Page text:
By Karen Lema
MANILA – The son of late Philippines strongman Ferdinand Marcos has emerged as the person to beat in the 2022 presidential race, after President Rodrigo Duterte’s popular daughter decided not to contest the country’s top job.
Ferdinand Marcos Jr. likely benefited the most from Davao city mayor Sara Duterte-Carpio’s move to run for vice president, against the wishes of her supporters, despite leading polls for preferred presidential contenders all throughout the year.
Duterte-Carpio announced on Tuesday she would be Marcos’ running mate.
“Without the popular Duterte-Carpio in the presidential race, Marcos is frontrunner, with 60% odds of victory, though there is a long road ahead,” the Eurasia Group consultancy said in a note to clients late on Monday, after nominations closed.
While Marcos’s candidacy has angered victims of his father’s brutal era of martial law, a survey by the Social Weather Station (SWS) in October showed he could easily beat his rivals, including boxing hero Manny Pacquiao.
Of the six key candidates confirmed to run for president at the time the poll was conducted, 47% of the 1,200 surveyed by SWS said they would vote for the 64-year-old Marcos, popularly known as “Bongbong” or “BBM“.
“The only explanation there is he got the pro-Sara voters. There is very close affinity between BBM voters and Sara’s voters,” said political analyst Temario Rivera.
The election to choose a successor to Duterte will be held in May next year. He himself is not eligible to contest for the presidency again after his single six-year term but will be standing in the election for a senator’s seat.
Marcos is the only son of the late dictator who ruled the Philippines for almost two decades until his 1986 overthrow. He said he wants Duterte-Carpio to be his running mate, but she has yet to accept.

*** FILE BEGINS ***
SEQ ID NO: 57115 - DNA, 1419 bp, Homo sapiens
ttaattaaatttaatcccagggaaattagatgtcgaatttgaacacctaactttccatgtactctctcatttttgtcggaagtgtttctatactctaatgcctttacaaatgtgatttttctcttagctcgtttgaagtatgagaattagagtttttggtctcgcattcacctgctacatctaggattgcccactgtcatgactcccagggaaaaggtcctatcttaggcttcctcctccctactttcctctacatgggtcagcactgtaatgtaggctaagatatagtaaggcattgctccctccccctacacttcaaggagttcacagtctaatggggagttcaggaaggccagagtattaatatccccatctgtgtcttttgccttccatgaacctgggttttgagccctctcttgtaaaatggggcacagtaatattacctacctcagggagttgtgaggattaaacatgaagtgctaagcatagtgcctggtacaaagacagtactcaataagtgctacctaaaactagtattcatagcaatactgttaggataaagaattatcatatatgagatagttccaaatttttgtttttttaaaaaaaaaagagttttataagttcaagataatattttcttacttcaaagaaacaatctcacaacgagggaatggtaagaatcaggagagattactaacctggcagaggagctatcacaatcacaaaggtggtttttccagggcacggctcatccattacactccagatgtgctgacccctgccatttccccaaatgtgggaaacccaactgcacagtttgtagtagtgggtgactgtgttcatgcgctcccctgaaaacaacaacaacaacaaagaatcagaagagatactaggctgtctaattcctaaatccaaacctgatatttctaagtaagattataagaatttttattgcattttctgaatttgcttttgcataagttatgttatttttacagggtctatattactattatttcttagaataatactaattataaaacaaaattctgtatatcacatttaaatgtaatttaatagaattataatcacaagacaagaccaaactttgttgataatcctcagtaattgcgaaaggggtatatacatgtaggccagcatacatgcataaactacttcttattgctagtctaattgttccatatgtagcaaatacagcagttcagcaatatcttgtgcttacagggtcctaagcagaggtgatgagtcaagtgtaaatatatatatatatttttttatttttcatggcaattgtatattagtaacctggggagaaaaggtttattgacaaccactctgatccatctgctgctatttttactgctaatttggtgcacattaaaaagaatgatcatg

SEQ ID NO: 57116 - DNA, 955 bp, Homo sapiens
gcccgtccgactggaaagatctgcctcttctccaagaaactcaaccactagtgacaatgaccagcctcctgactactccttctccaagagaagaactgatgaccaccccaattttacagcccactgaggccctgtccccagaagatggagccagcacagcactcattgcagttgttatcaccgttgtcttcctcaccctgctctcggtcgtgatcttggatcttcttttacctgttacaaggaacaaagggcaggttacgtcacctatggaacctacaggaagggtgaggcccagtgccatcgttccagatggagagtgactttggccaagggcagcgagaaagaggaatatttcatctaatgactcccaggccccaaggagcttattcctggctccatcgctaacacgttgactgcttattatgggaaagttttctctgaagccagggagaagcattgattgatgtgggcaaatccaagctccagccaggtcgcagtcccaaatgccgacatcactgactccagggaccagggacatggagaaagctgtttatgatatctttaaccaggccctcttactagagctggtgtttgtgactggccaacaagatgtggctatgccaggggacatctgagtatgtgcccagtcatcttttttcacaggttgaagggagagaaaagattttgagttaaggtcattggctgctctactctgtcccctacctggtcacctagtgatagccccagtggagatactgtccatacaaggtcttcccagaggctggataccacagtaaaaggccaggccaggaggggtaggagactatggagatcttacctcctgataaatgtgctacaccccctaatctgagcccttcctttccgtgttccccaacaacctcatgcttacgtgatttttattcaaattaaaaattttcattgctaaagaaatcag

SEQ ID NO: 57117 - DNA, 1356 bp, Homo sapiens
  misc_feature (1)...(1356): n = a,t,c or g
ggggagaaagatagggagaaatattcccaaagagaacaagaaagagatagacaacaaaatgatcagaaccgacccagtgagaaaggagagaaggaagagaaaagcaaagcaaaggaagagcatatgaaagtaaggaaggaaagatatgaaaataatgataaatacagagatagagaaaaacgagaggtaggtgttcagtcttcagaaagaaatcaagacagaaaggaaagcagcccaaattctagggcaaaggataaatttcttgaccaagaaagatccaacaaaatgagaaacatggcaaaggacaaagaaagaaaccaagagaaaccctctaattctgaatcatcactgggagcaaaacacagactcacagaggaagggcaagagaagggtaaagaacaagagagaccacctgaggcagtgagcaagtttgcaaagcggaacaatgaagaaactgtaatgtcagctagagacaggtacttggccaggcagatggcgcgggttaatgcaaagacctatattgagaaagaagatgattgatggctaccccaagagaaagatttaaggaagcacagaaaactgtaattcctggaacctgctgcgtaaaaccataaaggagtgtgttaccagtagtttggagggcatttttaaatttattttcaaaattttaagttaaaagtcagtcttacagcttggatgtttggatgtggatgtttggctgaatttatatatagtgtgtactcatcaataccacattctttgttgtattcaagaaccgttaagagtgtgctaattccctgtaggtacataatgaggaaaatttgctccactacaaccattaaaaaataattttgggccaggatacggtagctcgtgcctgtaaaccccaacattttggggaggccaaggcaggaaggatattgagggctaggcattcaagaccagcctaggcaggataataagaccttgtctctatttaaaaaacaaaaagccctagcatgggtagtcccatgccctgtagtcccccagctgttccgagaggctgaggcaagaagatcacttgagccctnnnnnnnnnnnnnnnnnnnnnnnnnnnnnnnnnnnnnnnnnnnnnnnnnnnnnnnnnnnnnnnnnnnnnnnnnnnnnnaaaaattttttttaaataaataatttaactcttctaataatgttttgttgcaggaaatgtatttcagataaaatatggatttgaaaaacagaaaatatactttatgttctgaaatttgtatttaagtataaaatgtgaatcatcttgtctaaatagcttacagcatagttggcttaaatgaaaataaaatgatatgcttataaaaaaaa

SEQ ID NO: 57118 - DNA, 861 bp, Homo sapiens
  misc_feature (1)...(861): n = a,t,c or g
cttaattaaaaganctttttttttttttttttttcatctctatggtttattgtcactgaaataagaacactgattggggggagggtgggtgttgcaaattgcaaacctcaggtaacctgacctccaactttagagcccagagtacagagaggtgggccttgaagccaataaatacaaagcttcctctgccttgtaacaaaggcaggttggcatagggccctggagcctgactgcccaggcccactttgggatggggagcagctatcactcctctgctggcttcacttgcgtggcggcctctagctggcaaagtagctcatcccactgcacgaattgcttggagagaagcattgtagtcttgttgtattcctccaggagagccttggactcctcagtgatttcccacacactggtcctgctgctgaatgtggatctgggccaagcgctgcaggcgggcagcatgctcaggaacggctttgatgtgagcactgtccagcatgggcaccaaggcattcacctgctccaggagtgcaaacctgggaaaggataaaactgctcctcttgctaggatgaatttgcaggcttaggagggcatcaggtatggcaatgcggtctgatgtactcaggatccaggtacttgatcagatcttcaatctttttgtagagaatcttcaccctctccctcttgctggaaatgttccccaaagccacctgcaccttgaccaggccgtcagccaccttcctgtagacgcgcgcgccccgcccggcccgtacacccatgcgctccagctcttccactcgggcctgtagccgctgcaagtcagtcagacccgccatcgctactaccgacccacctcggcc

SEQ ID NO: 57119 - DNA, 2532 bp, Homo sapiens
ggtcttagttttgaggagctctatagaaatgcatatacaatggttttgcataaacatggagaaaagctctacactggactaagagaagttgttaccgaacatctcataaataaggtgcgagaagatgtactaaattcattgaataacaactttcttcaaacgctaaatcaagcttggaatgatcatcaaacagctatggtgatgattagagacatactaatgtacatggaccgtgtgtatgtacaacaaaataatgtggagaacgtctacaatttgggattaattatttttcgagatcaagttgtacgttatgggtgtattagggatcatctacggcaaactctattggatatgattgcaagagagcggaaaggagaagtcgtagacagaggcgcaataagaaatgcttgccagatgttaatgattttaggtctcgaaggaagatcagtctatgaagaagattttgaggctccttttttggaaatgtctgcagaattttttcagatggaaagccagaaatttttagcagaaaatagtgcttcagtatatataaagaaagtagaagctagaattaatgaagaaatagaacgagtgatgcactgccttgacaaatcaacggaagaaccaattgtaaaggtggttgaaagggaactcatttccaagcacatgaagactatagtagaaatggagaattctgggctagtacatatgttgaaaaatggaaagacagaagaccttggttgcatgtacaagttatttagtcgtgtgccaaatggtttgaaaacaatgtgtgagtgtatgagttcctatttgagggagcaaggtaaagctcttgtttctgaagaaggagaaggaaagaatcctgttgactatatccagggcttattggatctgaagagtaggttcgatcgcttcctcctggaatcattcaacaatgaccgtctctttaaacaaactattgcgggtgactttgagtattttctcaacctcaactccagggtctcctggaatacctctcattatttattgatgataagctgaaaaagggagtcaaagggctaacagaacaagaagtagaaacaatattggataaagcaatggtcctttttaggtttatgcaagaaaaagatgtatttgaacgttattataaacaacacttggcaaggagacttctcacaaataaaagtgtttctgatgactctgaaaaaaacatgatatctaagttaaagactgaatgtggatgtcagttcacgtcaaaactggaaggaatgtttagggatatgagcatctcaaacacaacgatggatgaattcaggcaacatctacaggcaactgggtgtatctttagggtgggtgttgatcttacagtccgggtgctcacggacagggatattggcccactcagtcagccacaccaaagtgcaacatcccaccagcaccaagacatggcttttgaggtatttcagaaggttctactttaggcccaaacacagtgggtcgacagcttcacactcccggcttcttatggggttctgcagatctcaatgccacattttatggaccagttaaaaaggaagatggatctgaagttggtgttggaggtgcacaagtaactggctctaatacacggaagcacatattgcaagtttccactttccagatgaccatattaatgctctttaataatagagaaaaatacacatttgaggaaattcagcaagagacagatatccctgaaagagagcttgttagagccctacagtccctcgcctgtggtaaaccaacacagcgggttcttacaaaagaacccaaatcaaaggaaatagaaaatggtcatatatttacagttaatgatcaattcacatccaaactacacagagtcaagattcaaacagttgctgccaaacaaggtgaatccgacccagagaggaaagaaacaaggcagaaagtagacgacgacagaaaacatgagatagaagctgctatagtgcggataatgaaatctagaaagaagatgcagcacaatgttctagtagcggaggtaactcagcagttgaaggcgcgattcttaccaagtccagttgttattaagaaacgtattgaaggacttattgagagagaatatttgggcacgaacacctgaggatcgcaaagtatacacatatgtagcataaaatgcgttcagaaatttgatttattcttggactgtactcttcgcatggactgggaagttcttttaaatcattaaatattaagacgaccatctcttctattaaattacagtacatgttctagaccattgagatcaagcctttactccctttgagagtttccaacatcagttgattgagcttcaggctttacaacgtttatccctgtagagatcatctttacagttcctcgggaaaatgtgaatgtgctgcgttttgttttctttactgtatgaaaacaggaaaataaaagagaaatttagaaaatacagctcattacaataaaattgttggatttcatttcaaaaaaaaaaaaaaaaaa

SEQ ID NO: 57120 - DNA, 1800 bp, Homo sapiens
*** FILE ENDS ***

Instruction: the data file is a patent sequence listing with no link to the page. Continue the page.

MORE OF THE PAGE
Marcos’s family is among the country’s most famous dynasties and despite its fall from grace, has retained far-reaching and powerful connections.
Marcos, the dictator, died in exile in 1989 after fleeing the country following the “people power” revolution. Since the family’s return, Marcos junior has been elected governor, congressman, and in 2010, as a senator. His sister is a senator and a former governor, and his mother, Imelda Marcos, was elected to Congress for four terms.
“In a country whereby political memories are quite short and forgiveness is not in short supply, this is definitely working in favour of the Marcoses,” said Richard Heydarian, an author, columnist and academic who specialises in politics.
Working to his advantage, political analysts also say, is Marcos’s strong social media presence aimed at targeting the youth, who make up a third of eligible voters. Many of them were not born when Marcos senior was in power.
Marcos will benefit also from the tie-up with Duterte-Carpio, tapping her family’s huge popularity in the south, a region where the Marcos family has struggled to make inroads in national elections.
The poll results showed the other presidential candidates far adrift, with incumbent Vice President Leni Robredo with 18%, and Manila mayor Francisco Domagoso on 13%, followed by Pacquiao with 9%.
The poll did not include Christopher “Bong” Go, President Duterte’s closest aide, who only joined the presidential race on Saturday, and analysts say his entry, which is backed by the popular firebrand leader, could dilute some of Marcos’s support.
Marcos is also facing a disqualification case grounded on a two-decade old tax evasion conviction, which Eurasia said the president could “weaponise if he turns against his ally.”
It was not immediately clear late on Tuesday if Duterte-Carpio’s alliance with Marcos had her father’s blessing.
The race could narrow too, if Marcos’s rivals unite behind a single “stop-Marcos” candidate in the race, Eurasia said.